Kandy is known to most Sri Lankans as Maha Nuwara, “The Great City.” And great it is. The sacred Tooth Relic of the Buddha is housed here in its own temple, and is paraded around the city in one of Asia’s most celebrated festivals, the Kandy Perahera, held during July-August. The monasteries of Sri Lanka’s two leading Buddhist sects have long been established in the city. Traditions of Sinhalese music and dance, such as Kandyan dancing, are kept alive in Kandy, as are many arts and crafts. Little wonder, then, that Kandy was designated a UNESCO World Heritage Site in 1988.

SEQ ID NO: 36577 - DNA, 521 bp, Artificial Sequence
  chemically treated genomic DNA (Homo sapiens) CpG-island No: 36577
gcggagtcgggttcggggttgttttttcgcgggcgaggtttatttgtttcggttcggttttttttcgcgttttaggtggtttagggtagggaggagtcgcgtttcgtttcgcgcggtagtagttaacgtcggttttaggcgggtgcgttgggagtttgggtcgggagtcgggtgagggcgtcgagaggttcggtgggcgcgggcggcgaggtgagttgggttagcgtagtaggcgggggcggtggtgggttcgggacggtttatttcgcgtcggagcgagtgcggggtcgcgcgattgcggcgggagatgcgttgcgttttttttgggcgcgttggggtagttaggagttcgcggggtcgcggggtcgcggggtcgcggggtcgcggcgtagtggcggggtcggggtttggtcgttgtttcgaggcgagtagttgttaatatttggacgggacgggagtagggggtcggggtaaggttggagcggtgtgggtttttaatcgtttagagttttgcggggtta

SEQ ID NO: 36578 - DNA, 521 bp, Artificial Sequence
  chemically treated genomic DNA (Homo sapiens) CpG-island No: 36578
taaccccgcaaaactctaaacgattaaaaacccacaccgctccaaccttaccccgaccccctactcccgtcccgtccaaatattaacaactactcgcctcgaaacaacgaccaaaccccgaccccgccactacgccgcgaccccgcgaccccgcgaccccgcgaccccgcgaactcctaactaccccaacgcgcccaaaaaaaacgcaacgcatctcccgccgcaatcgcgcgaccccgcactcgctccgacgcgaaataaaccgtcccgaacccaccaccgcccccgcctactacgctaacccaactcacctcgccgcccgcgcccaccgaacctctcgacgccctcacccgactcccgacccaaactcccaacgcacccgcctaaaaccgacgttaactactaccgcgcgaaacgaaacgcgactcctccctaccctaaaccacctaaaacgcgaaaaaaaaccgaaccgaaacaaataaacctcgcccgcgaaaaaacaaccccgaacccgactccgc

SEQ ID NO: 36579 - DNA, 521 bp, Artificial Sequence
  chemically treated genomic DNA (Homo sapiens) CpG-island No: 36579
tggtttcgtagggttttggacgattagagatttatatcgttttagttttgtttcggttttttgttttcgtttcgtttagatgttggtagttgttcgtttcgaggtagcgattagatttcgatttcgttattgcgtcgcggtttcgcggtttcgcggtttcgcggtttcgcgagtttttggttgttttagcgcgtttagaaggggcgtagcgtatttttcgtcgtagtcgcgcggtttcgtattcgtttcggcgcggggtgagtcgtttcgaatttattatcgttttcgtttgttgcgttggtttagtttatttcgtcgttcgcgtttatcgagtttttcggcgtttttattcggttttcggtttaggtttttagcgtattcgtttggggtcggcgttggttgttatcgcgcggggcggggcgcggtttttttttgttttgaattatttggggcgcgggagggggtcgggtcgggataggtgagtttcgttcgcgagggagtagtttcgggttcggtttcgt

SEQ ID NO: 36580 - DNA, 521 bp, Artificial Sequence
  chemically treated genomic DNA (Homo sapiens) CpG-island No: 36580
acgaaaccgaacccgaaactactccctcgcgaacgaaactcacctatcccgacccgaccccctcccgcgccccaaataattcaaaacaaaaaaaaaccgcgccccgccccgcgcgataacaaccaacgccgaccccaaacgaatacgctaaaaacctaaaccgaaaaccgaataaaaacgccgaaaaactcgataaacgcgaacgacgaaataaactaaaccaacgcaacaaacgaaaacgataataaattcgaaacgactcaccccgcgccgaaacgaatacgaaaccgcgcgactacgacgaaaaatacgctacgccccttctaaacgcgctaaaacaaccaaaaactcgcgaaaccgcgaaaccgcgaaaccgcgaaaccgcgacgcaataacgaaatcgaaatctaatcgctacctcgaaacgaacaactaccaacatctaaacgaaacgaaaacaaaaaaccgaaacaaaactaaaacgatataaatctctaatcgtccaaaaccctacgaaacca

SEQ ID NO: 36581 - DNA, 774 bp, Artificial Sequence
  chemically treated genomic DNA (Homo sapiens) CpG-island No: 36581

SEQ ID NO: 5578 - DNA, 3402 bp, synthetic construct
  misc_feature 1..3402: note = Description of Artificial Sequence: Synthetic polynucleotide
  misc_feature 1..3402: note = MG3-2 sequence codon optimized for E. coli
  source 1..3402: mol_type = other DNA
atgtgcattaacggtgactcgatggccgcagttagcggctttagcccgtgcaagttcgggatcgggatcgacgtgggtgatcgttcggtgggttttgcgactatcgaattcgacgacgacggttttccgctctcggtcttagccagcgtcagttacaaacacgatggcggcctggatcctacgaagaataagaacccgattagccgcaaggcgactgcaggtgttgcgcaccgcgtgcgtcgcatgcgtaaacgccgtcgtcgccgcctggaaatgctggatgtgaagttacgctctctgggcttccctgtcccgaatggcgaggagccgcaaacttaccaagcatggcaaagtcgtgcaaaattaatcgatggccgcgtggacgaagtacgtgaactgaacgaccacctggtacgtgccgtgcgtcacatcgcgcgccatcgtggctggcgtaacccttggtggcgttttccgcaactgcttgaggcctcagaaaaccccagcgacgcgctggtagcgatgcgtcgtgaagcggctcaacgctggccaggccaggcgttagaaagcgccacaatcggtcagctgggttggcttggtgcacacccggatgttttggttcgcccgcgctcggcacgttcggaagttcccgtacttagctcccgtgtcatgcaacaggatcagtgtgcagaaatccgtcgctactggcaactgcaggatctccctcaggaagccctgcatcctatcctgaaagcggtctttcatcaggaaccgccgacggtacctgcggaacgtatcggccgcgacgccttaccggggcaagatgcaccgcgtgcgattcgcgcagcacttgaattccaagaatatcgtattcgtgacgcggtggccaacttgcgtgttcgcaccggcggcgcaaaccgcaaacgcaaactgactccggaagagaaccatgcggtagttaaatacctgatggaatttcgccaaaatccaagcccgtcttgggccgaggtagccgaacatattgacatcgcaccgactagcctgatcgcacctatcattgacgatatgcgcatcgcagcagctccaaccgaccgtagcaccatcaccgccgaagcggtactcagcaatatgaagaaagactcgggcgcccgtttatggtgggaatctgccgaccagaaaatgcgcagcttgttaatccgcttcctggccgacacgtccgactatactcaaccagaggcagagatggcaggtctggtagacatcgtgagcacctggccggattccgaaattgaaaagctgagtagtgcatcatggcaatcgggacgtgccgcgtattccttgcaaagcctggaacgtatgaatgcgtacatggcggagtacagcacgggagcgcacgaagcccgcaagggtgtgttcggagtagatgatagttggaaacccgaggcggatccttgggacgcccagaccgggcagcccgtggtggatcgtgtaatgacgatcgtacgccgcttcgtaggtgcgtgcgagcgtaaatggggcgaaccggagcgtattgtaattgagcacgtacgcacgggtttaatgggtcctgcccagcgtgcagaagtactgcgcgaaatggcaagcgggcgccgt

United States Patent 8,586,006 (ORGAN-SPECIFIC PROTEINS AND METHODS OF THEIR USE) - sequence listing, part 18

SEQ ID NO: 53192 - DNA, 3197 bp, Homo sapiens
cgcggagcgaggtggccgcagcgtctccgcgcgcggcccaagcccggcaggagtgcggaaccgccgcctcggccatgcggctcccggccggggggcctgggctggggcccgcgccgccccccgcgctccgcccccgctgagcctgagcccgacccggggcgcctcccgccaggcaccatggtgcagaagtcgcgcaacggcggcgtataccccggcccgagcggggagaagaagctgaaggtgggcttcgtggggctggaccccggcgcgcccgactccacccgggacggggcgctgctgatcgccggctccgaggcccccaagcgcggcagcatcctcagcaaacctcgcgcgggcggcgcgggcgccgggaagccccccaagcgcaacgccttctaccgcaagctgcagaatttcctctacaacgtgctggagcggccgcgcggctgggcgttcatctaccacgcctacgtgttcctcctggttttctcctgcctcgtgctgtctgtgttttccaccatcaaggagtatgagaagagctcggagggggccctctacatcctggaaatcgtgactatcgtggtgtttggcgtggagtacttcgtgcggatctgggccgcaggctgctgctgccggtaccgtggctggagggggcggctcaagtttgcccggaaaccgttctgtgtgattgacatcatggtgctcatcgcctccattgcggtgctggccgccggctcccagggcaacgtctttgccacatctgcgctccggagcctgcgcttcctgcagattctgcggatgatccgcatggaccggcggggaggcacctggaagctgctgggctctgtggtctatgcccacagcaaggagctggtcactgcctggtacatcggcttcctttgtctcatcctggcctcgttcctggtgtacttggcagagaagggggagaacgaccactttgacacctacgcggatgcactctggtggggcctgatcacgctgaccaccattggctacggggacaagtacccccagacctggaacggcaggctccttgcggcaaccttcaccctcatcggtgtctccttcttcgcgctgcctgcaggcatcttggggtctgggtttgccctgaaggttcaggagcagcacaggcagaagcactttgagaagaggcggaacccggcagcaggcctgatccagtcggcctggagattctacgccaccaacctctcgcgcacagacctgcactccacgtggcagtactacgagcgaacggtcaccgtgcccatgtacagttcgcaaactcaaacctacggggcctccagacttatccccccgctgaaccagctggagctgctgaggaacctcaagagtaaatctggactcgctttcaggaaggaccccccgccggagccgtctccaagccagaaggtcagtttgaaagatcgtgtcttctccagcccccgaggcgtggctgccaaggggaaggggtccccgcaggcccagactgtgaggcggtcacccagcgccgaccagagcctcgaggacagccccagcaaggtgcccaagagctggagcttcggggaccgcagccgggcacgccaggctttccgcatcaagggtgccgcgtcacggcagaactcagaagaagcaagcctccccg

Located in the foothills of the central highlands around the banks of a picturesque lake, steeped in history, and possessing a salubrious climate, Kandy is Sri Lanka’s renowned second city. In many ways, however, Kandy is more important than the true capital, for although Colombo may be the hub of commerce and communication, it is Kandy that has always been the centre of Sri Lanka’s rich culture and the symbol of the nation’s complex identity.